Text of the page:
To the editor: A fundamental reimagining of the existing financial banking system and global commerce was the centerpiece of the keynote speech by Agustin Carstens, General Manager of the Bank for International Settlements (BIS) in Singapore on Feb. 22.
He envisioned central banks as the guardians of the public trust in money. Therefore, central banks are best positioned to foresee what the future of money should look like and they intend to make a new financial infrastructure the: “unified ledger.”
The simple translation in common parlance is central banks are going “all in” on central bank digital currencies, not to be outperformed by the private sector. While the crypto sphere provides a glimpse into promising technological advances, the BIS has serious concerns about decentralized, unregulated intermediaries taking on a role in the banking sector, as seigniorage is an important source of revenue for the government. However, if the same technological advances could be usurped and controlled by the central bank, this could become a significant first step in Agustin Carstens’s financial utopia.
For years, the BIS has quietly deliberated on how to build a better technological grid of control of all assets, not just monetary. Their goal has been to inventory all finances, commodities, land, timber, houses, etc., on one ledger under their exclusive management and control. On June 20, the BIS published “The Blueprint for the Future Monetary System: Improving the Old, Enabling the New.” This unified ledger system, if implemented, will accomplish their long-awaited goal: complete control of all global resources. This comprehensive blueprint gives new meaning to the World Economic Forum’s mantra: “By 2030; you’ll own nothing and you’ll be happy.”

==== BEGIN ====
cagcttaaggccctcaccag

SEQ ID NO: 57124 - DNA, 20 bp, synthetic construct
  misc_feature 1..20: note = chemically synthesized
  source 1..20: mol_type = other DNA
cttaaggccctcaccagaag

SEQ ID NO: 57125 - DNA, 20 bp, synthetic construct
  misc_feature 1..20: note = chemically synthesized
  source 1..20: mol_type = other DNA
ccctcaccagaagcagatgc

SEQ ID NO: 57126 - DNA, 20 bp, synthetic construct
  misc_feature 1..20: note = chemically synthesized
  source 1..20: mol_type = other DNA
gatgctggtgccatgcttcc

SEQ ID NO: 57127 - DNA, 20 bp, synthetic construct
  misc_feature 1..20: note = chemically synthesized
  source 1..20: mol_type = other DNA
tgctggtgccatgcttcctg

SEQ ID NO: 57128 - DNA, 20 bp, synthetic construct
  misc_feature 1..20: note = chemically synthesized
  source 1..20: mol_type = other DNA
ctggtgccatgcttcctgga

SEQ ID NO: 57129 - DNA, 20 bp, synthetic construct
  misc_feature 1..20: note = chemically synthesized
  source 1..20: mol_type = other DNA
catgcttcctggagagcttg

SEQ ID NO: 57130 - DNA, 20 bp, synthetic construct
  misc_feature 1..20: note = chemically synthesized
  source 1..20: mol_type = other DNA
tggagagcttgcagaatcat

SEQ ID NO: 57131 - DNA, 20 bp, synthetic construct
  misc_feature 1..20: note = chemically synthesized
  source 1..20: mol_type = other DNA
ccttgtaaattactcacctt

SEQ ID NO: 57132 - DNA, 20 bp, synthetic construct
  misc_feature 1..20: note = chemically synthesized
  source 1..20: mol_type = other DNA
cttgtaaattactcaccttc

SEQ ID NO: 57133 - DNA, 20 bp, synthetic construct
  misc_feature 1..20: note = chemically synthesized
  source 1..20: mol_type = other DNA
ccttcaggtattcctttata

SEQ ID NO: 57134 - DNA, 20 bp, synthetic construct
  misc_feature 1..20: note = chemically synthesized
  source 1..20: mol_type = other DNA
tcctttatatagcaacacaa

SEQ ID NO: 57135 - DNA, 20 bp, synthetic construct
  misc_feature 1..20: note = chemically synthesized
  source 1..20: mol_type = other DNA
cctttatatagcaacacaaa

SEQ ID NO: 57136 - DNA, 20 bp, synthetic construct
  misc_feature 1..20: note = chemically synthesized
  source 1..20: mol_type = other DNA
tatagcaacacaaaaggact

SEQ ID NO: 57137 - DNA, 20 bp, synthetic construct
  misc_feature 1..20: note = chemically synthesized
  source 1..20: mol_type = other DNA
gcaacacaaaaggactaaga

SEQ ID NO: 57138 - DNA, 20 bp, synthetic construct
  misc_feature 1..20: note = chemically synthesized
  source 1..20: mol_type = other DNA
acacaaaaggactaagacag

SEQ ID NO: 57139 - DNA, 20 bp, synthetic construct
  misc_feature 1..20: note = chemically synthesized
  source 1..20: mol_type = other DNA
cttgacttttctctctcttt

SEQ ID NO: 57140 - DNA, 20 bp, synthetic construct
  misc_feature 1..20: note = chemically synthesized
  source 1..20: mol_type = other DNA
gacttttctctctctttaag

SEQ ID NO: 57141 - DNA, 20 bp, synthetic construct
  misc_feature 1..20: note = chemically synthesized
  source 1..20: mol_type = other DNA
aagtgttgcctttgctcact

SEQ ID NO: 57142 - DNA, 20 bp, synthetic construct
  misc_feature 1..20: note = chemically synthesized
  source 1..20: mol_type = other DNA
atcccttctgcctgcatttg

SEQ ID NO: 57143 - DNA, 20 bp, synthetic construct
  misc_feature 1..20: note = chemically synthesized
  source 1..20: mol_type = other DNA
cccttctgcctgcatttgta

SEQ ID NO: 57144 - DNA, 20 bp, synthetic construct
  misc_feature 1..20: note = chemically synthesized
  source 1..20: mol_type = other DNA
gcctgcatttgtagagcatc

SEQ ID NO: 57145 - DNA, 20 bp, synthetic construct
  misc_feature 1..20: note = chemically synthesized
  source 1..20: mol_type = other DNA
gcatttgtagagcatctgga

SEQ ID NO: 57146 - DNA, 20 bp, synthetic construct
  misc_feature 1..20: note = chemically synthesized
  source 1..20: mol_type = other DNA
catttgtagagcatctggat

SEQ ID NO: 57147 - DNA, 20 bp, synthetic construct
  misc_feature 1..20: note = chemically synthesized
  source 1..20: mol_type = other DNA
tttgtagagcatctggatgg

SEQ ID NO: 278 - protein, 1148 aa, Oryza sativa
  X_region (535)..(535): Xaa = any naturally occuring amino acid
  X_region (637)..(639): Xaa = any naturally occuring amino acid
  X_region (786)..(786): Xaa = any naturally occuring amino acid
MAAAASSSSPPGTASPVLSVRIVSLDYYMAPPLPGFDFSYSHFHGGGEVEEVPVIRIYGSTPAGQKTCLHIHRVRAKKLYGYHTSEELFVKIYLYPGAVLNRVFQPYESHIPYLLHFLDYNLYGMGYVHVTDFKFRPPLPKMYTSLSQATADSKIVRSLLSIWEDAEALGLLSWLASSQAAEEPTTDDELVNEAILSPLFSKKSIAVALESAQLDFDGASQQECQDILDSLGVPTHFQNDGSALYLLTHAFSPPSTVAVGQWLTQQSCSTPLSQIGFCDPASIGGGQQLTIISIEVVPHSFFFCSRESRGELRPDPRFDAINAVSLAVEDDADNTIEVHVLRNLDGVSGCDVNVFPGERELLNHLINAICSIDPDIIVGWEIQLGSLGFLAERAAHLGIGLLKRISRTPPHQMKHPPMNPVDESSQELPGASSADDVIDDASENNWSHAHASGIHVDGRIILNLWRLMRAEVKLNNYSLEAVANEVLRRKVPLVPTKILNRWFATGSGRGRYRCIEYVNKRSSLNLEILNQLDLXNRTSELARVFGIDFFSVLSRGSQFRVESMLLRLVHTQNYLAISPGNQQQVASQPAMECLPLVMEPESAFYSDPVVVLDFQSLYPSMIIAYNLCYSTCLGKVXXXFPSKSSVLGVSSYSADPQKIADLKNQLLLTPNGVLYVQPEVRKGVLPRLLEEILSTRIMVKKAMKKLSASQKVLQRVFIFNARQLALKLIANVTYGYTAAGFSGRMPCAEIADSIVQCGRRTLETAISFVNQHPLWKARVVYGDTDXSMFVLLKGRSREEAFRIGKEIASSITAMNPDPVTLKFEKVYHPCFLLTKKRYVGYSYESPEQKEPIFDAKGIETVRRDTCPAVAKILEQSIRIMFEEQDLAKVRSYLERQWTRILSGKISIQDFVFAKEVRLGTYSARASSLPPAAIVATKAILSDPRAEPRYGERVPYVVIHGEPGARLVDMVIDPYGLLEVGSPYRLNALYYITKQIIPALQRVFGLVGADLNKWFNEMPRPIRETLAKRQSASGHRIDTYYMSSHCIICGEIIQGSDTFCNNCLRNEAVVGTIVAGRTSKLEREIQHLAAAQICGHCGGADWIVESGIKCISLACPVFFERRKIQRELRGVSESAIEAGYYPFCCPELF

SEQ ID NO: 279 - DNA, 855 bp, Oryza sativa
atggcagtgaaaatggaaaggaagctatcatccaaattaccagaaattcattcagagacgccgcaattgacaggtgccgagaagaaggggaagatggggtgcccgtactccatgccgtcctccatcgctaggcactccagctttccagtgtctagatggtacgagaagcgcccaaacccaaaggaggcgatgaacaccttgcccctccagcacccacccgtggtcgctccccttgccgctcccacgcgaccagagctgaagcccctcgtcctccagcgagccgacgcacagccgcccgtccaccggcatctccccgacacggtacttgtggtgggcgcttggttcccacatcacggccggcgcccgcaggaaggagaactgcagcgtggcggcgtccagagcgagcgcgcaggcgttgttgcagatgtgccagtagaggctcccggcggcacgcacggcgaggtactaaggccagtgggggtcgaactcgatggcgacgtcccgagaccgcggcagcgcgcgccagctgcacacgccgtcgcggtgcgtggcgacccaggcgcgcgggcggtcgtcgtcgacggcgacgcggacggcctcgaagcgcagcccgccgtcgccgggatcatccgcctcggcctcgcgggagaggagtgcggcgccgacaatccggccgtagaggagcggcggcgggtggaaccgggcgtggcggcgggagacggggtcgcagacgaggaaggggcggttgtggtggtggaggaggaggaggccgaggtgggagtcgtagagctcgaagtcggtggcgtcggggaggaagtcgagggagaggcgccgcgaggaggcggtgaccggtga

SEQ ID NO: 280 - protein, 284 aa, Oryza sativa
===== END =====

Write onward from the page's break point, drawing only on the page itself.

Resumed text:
One might question the timing and hubris of the guardians of the public trust when G-7 countries are teetering on a global debt crisis, BRICS nations are about to roll out a new currency and the U.S. just had a significant downgrade in their bond market by Fitch Rating Agency.
FedNow, a prerequisite to the rollout of the unified ledger, was quietly unveiled on July 20. However, central banks enjoy immunity protection under Article 14, in case things don’t work out as planned. As central banks tokenize your house and assets for the greater good of humanity, ignorance will be blissful until the consequences rain down hard. History has confirmed freedom and liberty come at a high price.
Lucinda Shmulsky, New Marlborough
The Berkshire Eagle